A cross-sectional study on health and physical functioning in relation to coping strategies among community-dwelling, ethnically diverse older women
© Laganà and Zarankin; licensee BioMed Central Ltd. 2010
Received: 7 October 2009
Accepted: 30 March 2010
Published: 30 March 2010
Although empirical evidence is available on the coping-health link in older age, research on this topic is needed with non-clinical samples of ethnically diverse older women. To contribute to filling such a research gap, we tested whether these women's general health and functional limitations were associated with specific coping strategies (selected for their particular relevance to health issues) and with known health-related demographics, i.e., age, ethnicity, income, and married status.
In this cross-sectional study, respondents were recruited at community facilities including stores and senior centers. The sample consisted of 180 community-dwelling women (age 52-98) screened for dementia; 64% of them reported having an ethnic minority status. The assessment battery contained the Mini-Cog, a demographics list, the Brief COPE, and the Medical Outcome Study 36-Item Short-Form Health Survey.
Hierarchical multiple regression analyses showed that older women who used behavioral disengagement and, to a smaller degree, self-distraction as a form of coping reported lower levels of general health. The opposite was the case for positive reframing and, to a lesser degree, substance use. Moreover, lower income was related to worse general health and (together with more advanced age) physical functioning. None of the coping strategies achieved significance in the physical functioning model.
These cross-sectional findings need corroboration by longitudinal research prior to developing related clinical interventions. Based on the initial evidence provided herein, clinicians working with this population should consider establishing the therapeutic goal of increasing the use of positive reframing while diminishing behavioral disengagement.
Health declines and functional limitations are common stressors for older women . Chronic medical conditions, plus the risk of cancer, as well as heart and lung disease, all increase as women grow older, often exceeding the numbers presented by older men . Additionally, compared to their male counterpart, older women typically have lower socio-economic status (SES), more inadequate assistance with basic life activities, and higher rates of medical care-seeking behaviors [3–5]. Under these hard-to-change circumstances, dealing with one's emotional responses to stressors, i.e., engaging in emotion-focused coping (as defined in the next paragraph), could be a reasonable choice. Indeed, many older women might not have the means to implement more active strategies when facing health challenges that often require health insurance and adequate income. Given the cultural-political context of the U.S., where ethnic minority groups are often in lower social positions, lack of health insurance and related health impairments are a common occurrence among older women from ethnic minority backgrounds . Interestingly, some investigators have pointed out that coping strategies are even more important than income in their influence on health outcomes . Thus, accounting for key demographics, geriatric researchers should investigate whether health outcomes in older age are linked to coping strategies potentially amenable to change via clinical interventions. This is a neglected research subject with regard to non-clinical samples of ethnically diverse older women. Testing whether available empirical evidence generalizes to this understudied population is needed, because most of the pertinent research findings are based on younger or medically ill samples. To minimize redundancies, we used the words "worse physical functioning" and "functional/physical limitations" interchangeably.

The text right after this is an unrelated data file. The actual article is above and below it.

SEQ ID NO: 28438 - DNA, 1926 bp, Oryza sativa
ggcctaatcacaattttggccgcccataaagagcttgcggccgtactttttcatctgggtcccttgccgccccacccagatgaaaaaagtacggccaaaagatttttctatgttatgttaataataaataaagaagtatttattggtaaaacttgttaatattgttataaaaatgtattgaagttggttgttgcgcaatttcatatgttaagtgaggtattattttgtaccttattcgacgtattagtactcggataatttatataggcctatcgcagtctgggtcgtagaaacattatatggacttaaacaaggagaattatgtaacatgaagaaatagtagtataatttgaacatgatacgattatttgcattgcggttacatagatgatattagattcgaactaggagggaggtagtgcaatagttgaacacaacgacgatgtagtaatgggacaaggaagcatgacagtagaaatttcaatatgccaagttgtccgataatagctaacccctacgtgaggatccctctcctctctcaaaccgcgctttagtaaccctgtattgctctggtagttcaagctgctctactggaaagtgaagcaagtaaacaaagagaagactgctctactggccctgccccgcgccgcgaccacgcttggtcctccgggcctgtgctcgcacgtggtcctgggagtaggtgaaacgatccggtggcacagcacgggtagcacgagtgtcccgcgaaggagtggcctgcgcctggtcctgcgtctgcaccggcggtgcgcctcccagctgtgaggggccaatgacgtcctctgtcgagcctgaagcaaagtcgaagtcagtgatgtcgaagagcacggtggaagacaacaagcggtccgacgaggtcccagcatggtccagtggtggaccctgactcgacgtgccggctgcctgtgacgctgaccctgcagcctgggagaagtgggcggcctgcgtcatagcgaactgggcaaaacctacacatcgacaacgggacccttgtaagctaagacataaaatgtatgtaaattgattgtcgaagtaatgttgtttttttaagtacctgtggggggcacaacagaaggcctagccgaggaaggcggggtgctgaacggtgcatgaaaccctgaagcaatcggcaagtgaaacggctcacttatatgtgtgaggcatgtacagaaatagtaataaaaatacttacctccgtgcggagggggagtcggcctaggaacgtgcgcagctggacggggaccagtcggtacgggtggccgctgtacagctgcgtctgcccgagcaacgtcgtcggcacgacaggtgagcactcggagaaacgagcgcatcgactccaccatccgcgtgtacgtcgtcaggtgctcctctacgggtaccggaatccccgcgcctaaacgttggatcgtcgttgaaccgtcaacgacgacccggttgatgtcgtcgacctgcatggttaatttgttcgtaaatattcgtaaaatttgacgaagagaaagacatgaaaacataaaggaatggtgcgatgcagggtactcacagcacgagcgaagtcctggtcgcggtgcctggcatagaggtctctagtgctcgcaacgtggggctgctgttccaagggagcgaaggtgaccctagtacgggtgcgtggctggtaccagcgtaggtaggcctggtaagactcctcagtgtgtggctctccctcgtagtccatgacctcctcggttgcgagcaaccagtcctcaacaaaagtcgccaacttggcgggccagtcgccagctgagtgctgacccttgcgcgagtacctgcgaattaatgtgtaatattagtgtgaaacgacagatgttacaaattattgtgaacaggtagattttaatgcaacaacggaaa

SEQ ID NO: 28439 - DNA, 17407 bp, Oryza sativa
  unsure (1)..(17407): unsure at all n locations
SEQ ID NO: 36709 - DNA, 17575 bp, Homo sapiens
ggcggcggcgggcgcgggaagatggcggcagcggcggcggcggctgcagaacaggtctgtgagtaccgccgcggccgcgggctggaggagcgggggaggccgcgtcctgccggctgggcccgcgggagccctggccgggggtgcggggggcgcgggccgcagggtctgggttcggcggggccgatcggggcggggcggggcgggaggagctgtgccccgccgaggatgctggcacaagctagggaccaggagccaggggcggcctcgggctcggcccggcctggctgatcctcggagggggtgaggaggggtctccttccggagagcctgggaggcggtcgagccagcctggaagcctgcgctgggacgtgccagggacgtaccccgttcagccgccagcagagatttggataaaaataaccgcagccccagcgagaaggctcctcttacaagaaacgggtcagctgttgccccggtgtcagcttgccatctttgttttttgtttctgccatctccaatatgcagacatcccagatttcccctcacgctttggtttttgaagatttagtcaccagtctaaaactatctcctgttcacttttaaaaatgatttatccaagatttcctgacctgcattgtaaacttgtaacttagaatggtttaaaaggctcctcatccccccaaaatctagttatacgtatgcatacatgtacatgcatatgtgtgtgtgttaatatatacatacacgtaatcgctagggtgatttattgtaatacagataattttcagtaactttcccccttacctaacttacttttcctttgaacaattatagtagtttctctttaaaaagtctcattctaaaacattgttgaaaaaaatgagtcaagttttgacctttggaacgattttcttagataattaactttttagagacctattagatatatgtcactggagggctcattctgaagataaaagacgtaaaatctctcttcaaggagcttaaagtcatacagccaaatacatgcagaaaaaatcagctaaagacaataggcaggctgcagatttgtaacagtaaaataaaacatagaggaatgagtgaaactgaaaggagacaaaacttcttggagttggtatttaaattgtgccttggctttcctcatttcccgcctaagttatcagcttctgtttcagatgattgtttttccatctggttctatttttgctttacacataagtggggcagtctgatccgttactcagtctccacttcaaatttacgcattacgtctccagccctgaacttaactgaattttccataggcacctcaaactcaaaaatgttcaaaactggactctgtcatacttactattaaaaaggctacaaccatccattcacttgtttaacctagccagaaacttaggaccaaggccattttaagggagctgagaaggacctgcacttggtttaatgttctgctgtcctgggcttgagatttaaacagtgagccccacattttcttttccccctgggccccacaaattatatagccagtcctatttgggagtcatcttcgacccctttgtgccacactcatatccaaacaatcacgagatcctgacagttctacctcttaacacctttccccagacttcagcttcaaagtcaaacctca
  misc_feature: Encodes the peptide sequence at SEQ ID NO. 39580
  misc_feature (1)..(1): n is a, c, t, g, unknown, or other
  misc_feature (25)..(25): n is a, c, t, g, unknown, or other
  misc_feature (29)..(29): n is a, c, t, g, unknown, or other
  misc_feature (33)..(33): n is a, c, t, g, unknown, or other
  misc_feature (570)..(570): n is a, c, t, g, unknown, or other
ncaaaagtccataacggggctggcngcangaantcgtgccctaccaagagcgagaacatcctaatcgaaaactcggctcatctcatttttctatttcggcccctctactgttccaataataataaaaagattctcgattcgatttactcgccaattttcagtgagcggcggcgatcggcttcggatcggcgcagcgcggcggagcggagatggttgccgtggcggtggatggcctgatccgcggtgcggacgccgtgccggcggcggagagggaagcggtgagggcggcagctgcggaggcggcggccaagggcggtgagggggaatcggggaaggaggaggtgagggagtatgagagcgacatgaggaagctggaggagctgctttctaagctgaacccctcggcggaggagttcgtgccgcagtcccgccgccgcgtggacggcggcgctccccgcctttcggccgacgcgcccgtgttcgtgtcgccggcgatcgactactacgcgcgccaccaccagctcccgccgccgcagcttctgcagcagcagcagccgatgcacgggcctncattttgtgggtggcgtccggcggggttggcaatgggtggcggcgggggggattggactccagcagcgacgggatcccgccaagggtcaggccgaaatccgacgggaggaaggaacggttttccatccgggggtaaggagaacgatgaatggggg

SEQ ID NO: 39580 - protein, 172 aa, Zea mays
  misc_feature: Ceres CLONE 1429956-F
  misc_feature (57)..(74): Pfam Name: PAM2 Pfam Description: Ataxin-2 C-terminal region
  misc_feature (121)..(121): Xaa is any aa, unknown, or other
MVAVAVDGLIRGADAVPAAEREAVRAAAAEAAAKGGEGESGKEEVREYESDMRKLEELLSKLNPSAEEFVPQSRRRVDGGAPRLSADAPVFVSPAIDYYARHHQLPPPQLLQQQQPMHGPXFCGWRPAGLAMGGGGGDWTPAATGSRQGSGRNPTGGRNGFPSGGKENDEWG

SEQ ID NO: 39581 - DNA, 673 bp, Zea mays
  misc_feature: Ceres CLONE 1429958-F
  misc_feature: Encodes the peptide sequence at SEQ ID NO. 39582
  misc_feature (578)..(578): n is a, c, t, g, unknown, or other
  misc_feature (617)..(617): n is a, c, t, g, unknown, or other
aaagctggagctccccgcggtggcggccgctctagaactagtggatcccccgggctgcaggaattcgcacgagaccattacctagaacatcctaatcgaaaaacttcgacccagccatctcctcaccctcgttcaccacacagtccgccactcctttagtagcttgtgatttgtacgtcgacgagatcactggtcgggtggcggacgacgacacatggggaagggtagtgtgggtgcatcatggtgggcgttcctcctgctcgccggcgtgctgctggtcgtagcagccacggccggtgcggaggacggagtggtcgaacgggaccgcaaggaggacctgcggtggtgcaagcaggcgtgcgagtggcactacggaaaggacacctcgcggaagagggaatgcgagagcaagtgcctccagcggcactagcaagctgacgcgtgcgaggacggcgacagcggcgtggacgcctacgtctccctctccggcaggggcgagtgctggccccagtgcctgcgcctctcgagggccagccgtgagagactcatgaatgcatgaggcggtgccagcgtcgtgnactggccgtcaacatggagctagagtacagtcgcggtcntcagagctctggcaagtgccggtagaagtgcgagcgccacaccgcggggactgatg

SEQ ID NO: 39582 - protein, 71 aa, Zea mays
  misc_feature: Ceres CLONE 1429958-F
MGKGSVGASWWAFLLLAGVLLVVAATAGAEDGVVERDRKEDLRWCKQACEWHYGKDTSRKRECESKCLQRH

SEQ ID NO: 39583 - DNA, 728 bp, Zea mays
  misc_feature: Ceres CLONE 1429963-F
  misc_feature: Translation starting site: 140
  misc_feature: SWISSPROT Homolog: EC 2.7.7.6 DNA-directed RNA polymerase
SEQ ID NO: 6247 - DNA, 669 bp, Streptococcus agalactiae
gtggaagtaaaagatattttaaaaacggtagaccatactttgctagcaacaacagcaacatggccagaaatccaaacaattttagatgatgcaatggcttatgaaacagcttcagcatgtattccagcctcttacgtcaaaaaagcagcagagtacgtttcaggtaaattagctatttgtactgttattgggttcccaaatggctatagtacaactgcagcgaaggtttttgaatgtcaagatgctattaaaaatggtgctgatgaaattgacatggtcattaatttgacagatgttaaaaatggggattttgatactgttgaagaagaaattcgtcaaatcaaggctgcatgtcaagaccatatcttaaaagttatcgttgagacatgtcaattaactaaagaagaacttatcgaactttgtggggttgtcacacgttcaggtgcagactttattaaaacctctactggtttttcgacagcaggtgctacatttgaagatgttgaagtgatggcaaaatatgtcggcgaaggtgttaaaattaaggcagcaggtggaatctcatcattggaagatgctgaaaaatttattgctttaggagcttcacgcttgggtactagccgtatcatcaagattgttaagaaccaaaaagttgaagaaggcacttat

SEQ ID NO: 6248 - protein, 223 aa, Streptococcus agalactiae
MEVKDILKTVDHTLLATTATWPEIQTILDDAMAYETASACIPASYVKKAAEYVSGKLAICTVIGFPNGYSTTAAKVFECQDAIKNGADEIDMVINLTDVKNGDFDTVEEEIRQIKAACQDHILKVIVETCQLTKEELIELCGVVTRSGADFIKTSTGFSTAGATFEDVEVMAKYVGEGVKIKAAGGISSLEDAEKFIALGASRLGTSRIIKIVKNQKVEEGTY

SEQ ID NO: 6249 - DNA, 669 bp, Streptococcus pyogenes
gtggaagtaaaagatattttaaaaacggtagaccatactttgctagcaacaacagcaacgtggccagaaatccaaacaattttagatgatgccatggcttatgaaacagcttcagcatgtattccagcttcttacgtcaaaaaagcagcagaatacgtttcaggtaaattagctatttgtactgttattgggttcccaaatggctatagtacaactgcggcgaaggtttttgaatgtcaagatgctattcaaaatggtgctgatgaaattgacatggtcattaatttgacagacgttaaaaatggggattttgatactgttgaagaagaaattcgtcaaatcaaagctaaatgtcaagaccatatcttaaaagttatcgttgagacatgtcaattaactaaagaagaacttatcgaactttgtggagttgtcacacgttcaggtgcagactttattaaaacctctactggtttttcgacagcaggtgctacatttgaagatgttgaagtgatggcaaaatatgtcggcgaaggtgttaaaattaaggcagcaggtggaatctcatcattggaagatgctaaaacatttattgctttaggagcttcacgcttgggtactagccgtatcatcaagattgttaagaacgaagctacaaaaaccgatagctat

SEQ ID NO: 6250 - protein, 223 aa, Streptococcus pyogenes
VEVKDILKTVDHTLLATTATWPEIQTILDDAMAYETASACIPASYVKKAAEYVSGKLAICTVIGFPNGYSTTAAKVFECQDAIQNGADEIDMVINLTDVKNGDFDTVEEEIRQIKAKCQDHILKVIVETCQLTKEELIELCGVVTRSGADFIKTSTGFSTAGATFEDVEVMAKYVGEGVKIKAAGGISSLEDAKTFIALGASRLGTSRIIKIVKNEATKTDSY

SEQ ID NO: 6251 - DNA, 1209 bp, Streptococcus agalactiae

Concerning the conceptual framework of this study and the characterization of one of its key variables, Lazarus and Folkman's classic definition of coping is a cognitive and behavioral effort made by people for the purpose of reducing, minimizing, mastering, or tolerating the demands that rise from the interaction between them and their environment . The authors postulated that coping has two major functions: dealing with the problem that is causing distress (problem-focused coping) and regulating emotions stemming from this problem (emotion-focused coping). In their theorization of the link between coping and somatic health status, Lazarus and Folkman envisioned three pathways through which physical health could be adversely affected by coping. Coping may: a) influence neurochemical responses and their characteristics (a topic beyond the scope of the present study), b) involve the excessive use of alcohol, drugs, or tobacco, which could have negative effects on health (thereby making substance use a possible health correlate), and c) regarding certain types of coping (such as avoidant mechanisms), impair health due to lack of adaptive health-related behaviors. In view of the last point, self-distraction (i.e., engagement in work or other activities to avoid thinking about a stressor) and behavioral disengagement (i.e., a reduction in a person's effort to deal with a stressor ) are potentially related to physical health.